......and a few others which I promise to remember and I'll add them in!

Fushia magellanica - flowering earlier in the year.
 Fushia magellanica is one of the common favourite plants for hedges here - it does not get cut back hard by frost here - and grows into a good size hedge, tolerates the wind and is a great flowering chap, all summer long into the winter time when it drops its leaves. Wonderful colour. A I walked down the path I was almost hit in the face with the green of the Grisselinia littoralis - leaves so glossy you could see your face in them - well not my face, I'm very short and the bush was very tall! 

Grisselinia littoralis a good colour in the winter!
 The other evergreen hedge type here which does extraordinarily well is Olearia and Escallonia - many different types do very very well - again very glossy foliage and wonderful flowers great for all year round interest.
Escallonia macrantha - beautiful!
This was followed by a garden where  I found a lovely recycled window greenhouse - we see alot of those here - getting things like greenhouses up here can be a pricey business - alot of people are quite smart I think and make them out of old windows - this one is brilliant with the polycarb roof the only new bit of the construction.

Greenhouse made of old windows - brilliant recycling!
 Alot of the trees have lost their leaves - all the wind came and the leaves went - its quite a contrast I suppose things in flower - trying their hardest and things like this sycamore - our biggest type of tree here - Acer pseudoplantanus - now no leaves at all. All blown off!

Many of the trees here have their leaves blown off - not alot of autumn colour I'm afraid!
 And finally, here we have a very uninspring picture of a crop at my work - willow - now although it doesn't look great at this time of year - our 3 year old plants are in excess of 5m tall and they are being grown for wood - so if they look scrappy right now - we don't mind too much. They do grow very well here. The hedging willows are brilliant here - Orkney has alot of different types of willows - they like the wet and they don't mind the wind.................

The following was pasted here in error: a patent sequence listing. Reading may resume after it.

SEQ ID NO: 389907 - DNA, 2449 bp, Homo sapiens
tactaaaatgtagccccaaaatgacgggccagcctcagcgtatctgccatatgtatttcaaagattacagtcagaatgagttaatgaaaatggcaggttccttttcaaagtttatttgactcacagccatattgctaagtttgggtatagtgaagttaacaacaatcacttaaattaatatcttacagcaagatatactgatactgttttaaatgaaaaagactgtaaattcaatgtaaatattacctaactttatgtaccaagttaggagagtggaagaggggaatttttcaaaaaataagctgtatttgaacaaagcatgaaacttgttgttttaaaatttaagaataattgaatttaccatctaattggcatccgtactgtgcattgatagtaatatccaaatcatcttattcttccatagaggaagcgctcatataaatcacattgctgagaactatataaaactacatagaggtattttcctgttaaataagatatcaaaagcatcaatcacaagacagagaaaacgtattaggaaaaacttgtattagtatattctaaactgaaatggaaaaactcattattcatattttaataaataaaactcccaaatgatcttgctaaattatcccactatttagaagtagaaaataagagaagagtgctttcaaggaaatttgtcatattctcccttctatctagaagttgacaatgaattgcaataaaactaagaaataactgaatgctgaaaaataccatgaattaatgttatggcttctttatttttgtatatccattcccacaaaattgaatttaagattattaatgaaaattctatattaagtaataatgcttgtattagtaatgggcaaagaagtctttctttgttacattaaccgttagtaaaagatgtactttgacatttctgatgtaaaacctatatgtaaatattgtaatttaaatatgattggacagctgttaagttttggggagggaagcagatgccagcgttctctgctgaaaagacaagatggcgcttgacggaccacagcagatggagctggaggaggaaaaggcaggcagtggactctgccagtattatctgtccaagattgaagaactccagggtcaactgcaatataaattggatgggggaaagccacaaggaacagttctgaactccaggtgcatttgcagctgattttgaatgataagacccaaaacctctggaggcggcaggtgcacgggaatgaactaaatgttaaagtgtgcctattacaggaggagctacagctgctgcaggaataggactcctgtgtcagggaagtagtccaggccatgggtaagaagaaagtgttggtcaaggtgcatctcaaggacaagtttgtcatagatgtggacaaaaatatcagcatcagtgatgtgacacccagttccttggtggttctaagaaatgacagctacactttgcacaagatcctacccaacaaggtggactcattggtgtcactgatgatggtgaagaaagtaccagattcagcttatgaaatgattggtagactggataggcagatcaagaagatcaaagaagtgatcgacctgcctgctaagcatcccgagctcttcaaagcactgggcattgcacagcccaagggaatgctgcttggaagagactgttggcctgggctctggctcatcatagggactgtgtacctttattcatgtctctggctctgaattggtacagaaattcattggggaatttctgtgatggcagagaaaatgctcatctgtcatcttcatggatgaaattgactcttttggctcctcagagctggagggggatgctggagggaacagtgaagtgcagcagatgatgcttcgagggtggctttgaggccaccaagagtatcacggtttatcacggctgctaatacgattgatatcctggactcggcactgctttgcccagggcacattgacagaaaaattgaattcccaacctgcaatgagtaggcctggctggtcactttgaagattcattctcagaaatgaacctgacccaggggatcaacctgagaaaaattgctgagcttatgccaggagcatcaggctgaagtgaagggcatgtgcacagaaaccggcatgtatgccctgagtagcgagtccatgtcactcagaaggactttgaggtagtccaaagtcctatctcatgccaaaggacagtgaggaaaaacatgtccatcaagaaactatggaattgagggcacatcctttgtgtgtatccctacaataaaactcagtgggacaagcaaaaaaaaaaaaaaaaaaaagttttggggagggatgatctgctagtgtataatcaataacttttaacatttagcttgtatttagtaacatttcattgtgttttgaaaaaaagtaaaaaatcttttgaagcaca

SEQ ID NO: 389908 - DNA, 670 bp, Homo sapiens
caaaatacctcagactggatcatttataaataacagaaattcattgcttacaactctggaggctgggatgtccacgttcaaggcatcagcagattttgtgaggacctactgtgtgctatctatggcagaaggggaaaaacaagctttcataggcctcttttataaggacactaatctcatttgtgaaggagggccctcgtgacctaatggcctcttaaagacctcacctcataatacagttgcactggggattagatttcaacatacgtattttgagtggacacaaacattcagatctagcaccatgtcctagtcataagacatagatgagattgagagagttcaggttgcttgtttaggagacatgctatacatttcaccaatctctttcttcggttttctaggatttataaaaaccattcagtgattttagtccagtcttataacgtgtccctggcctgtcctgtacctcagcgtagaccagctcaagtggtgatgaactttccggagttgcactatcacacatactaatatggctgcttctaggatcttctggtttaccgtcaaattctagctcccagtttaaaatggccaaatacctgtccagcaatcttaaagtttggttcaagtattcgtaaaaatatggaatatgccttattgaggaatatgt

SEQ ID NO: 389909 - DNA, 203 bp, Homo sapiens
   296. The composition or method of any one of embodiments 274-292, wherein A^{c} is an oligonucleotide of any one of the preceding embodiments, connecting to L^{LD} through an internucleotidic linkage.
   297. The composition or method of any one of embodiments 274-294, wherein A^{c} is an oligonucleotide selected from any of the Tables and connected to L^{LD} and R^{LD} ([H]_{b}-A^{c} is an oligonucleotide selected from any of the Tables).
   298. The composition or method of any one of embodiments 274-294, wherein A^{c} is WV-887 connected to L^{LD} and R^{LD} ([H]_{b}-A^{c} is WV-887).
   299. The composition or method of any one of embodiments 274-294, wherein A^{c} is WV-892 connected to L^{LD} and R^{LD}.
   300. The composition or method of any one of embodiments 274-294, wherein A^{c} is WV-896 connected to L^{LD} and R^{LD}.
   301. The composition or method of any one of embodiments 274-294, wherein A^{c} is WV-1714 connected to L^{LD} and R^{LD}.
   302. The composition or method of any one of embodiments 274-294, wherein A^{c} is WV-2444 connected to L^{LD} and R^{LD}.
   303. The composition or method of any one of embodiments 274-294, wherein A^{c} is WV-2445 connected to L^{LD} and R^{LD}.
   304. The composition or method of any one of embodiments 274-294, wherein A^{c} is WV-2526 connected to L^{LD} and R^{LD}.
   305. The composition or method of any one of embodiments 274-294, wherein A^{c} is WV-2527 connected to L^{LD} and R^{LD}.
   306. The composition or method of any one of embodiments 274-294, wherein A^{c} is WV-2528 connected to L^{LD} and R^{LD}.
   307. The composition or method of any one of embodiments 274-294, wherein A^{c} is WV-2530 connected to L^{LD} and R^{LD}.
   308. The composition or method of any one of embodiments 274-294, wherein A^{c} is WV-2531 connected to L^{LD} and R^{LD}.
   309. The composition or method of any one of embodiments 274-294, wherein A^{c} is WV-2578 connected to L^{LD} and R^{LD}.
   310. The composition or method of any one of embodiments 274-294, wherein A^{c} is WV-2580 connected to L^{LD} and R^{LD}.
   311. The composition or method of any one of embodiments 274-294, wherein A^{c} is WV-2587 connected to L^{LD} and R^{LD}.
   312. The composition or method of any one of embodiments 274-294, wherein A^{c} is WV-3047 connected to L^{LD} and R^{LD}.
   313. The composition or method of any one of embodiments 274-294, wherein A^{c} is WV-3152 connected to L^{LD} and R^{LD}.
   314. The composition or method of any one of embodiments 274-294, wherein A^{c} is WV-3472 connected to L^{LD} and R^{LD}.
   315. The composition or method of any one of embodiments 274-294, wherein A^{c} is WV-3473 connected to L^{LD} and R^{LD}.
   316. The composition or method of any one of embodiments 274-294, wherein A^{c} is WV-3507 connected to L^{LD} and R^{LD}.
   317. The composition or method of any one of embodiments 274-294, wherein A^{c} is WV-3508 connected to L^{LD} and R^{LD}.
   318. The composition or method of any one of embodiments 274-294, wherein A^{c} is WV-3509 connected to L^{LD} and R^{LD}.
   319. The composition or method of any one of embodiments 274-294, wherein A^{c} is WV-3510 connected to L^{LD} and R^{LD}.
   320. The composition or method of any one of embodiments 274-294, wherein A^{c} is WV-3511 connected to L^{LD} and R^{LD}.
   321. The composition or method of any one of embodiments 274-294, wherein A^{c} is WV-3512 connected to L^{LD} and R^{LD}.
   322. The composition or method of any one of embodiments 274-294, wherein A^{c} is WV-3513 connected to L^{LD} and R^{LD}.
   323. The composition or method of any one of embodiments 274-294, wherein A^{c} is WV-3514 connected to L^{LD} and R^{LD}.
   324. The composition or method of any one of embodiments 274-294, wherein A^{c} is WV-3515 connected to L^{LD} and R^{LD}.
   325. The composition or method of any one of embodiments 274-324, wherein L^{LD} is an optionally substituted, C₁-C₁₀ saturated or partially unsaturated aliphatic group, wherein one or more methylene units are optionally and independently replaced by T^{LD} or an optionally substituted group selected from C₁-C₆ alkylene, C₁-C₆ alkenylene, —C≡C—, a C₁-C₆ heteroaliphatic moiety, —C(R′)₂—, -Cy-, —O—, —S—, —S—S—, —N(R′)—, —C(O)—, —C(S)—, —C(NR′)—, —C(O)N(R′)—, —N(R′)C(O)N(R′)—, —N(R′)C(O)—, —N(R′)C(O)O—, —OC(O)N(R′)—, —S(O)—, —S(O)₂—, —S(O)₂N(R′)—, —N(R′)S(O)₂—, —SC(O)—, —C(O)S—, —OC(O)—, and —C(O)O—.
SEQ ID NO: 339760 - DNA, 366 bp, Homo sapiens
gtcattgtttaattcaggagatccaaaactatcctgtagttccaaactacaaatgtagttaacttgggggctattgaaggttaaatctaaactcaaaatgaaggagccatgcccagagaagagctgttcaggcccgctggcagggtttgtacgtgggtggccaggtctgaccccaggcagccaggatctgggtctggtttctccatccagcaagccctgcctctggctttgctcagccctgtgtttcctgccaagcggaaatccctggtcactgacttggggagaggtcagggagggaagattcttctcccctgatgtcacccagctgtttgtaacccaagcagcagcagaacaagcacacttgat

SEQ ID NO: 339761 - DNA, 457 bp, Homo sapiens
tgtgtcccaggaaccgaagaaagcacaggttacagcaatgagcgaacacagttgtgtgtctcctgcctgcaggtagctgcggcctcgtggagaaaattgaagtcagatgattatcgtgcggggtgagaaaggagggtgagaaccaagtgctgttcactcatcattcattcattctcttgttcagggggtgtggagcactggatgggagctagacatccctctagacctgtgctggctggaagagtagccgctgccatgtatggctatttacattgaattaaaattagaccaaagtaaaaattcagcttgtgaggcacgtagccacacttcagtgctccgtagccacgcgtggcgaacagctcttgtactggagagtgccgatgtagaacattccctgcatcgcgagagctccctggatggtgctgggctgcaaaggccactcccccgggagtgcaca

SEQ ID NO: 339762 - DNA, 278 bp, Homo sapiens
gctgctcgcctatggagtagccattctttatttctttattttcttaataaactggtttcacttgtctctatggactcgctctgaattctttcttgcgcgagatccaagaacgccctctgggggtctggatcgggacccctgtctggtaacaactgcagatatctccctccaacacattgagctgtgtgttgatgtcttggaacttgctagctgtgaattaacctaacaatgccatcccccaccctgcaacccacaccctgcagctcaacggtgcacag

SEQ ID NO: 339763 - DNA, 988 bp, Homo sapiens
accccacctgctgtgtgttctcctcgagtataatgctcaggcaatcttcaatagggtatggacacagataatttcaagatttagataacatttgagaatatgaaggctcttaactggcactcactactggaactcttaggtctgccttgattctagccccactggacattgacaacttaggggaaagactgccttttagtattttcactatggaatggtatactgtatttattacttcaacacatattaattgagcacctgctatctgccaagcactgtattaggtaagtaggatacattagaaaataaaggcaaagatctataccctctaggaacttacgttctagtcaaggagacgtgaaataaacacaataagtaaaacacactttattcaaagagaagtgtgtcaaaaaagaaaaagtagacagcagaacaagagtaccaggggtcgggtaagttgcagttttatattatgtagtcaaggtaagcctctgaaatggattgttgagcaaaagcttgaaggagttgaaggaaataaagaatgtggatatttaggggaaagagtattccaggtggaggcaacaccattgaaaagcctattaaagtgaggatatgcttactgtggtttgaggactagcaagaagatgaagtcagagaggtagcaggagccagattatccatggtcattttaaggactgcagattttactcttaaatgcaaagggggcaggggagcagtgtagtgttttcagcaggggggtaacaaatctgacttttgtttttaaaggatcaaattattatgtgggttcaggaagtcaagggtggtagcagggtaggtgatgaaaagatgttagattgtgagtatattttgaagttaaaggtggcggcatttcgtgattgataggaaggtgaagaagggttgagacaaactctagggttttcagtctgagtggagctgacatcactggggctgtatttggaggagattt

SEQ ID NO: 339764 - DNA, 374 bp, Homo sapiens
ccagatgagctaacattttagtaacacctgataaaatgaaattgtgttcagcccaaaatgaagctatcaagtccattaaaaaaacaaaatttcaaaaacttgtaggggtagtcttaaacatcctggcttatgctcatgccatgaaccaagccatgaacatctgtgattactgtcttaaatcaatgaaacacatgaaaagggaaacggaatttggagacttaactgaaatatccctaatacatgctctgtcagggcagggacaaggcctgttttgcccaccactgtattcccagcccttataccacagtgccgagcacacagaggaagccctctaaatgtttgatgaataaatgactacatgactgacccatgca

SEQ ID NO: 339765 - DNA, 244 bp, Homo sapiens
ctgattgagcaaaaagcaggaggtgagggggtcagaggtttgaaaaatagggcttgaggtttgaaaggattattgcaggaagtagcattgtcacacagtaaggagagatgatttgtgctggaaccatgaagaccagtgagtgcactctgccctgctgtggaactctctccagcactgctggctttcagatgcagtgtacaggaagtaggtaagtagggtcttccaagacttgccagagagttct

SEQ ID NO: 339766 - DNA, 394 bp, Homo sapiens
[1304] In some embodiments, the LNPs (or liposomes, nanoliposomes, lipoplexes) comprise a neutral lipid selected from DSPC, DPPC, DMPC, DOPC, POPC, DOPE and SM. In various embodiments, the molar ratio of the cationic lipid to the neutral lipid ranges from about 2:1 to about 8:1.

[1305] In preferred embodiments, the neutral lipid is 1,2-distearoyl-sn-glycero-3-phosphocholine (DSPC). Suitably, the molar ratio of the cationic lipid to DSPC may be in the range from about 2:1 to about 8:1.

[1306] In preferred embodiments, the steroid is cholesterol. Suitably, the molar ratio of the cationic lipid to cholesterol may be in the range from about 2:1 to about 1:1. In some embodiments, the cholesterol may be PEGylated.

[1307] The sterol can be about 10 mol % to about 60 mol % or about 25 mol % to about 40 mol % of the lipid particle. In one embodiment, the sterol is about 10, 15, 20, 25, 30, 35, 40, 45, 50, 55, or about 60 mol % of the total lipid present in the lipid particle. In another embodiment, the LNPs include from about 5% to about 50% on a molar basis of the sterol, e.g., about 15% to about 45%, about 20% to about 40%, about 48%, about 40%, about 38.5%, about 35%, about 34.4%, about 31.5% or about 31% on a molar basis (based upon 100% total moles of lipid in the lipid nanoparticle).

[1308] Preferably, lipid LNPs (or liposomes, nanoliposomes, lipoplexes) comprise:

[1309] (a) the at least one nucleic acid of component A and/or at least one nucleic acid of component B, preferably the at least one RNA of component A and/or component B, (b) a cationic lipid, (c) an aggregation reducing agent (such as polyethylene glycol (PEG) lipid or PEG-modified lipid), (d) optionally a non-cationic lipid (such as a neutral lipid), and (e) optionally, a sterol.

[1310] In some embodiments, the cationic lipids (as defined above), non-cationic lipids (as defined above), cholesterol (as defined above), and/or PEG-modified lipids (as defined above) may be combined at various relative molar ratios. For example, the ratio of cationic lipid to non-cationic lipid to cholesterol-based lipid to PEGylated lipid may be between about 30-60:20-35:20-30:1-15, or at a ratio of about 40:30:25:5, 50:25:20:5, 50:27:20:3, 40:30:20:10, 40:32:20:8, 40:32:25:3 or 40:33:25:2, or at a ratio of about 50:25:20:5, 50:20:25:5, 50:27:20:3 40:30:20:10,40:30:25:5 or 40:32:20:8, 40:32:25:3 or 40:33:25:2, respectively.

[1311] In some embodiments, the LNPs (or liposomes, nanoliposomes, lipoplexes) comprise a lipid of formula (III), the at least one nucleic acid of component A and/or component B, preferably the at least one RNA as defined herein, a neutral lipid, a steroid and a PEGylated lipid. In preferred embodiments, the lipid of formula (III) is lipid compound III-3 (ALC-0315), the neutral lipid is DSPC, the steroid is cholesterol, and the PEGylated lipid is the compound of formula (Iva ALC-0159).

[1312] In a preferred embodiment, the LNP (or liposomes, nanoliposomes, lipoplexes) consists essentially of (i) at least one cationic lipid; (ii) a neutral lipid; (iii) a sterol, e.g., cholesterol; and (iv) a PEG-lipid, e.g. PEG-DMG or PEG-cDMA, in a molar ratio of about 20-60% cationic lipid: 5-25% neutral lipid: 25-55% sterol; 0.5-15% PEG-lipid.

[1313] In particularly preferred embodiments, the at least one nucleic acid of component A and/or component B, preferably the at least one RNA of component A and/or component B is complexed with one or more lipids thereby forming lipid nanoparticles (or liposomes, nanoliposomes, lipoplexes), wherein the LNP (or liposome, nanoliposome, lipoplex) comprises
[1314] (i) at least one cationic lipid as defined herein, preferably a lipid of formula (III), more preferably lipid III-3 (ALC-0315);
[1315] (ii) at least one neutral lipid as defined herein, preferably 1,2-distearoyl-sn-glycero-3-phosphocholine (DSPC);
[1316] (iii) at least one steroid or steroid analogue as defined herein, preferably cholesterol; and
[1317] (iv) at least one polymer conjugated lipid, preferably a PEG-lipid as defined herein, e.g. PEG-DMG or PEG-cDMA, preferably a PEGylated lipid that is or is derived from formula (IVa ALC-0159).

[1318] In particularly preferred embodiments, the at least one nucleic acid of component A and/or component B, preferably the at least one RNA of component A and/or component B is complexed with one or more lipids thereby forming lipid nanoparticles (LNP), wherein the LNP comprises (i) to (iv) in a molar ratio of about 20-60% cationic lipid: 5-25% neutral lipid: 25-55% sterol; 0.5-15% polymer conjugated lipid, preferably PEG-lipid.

Well, its not called the Wind and the Willows for no reason - its windy and I have alot of willows outdoors in my care! Until next time!


  1. Wonderful photos, you should take your camera with you everywhere! Love the recycled greenhouse, that makes so much more sense than bunging old windows in landfill.

  2. You're right about the windows - getting things like greenhouses up here - you pay a hefty amount of extra carriage to get things up here.

    Excellent recycling - good to get out with the camera - been motivated lately - couldn't go out today - too wet and windy!

    Thank you for the lovely comment about the photos - I'm just learning and trying to get a 'local' plant library together up here.

  3. SO glad that our little challenge has inspired you to get that camera back into regular use again!! That clematis is lovely.

  4. A bit of flowering currant, Ribes sanguineum is what I'm off to find for Orkney garden. Nice blog, will follow with interest.

  5. An excellent choice! Nice to see you sleepwalker - hope you had fun on your visit up here :)

    Robyn you did inspire me indeed and I'll soon be back again on the challenge........x